Photo: James Bombales
If current home price trends continue, Canadians are going to be feeling wealthier in the coming years. And when Canadians feel wealthier, consumer spending tends to rise leading to better country-wide economic performance.
While this may seem like economics 101-style logic, TD senior economist Brian DePratto took a closer look at just how large an impact this straightforward dynamic has on the Canadian housing market and the country’s broader economic performance.
First, DePratto observes, in a note published Monday, that Canadian consumer spending growth has been dulled recently despite a number of encouraging market fundamentals — strong population growth, healthy labour markets and relatively low borrowing costs — that would typically result in robust growth numbers.
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There are a few reasons this spending isn’t materializing, including weak consumer demand for automobiles, but the TD economist zeroes in on the country’s housing market as a major contributing cause. Yes, the Canadian housing market has “come back to life” over the past six months as DePratto puts it. But, this will not be enough to significantly boost consumer spending — at least not yet.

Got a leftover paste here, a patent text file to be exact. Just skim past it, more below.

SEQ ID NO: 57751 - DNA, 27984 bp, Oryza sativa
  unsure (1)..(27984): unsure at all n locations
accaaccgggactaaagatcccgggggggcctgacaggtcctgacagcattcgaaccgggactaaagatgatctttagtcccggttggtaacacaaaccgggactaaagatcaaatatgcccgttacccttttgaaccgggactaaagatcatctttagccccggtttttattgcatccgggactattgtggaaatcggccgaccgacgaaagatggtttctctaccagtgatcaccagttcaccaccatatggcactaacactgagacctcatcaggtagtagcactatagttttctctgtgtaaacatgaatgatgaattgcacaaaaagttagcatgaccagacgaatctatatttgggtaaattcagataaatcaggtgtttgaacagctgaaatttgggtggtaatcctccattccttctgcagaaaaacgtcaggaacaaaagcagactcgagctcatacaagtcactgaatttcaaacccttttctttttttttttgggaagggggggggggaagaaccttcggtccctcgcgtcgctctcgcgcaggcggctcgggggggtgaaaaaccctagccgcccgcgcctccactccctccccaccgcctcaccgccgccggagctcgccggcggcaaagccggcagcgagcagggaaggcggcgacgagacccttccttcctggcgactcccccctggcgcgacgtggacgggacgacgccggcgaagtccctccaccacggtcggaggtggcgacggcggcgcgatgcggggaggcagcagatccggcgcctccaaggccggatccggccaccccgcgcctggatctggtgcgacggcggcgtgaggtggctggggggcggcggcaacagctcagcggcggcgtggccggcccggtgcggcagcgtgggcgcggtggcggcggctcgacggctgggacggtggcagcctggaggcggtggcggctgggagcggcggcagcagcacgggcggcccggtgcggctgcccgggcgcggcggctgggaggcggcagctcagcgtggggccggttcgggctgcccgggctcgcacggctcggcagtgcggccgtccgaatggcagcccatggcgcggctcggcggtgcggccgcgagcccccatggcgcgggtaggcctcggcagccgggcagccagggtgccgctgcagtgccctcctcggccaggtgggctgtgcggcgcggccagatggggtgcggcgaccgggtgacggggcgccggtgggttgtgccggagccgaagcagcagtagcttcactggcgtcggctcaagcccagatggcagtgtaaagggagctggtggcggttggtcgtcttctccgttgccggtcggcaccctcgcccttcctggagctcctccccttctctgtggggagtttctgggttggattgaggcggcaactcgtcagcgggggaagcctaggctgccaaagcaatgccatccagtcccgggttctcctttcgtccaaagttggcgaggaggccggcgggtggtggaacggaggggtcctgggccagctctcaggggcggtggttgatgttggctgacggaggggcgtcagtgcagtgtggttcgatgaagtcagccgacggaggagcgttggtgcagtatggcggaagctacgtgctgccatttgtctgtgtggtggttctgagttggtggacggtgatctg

Last month, another TD report noted that the Canadian housing market still had “room to run” in 2020 even after six straight months of growth. As of August 2019, home sales were up 13 percent compared to the same period last year. The average home sales price also rose by over six percent compared to 2018.
After a tough 2018 and slow start to the year, the housing market is undeniably gaining momentum. And, as DePratto writes, there is an immediate positive economic benefit to more Canadians jumping into the market through consumer spending typically associated with homebuying, like new furniture.
This is an important benefit, but it pales in comparison to the long term benefit of rising home values and a sustained boost in market activity.
In economics, it’s known as the wealth effect.
“Many estimates, including the Bank of Canada’s suggest that each dollar of net housing wealth increases consumer spending by about five cents, roughly two years later,” writes DePratto. “That may not sound like a lot, but it is important to remember that the effect occurs for all homeowners — not just those that have recently bought or sold — a sizeable base in a country with a nearly 70% homeownership rate.”
DePratto points out that, aside from some red hot markets in Quebec, housing wealth has been fairly flat across the country since 2018 as a result of government policy intervention meant to tamp down what was perceived to be a runaway housing market.
Housing wealth is set to resume its upward march this quarter, but the effect of this trend will not be visible until later in 2020, writes DePratto.
This is because of the roughly two-year lag time the economist says is a defining characteristic of the rise in housing wealth and the corresponding increase in consumer spending.
All that is to say, the situation is looking a lot more encouraging down the line as Canadian consumer spending will likely shake off any remaining cobwebs thanks to a reinvigorated housing market.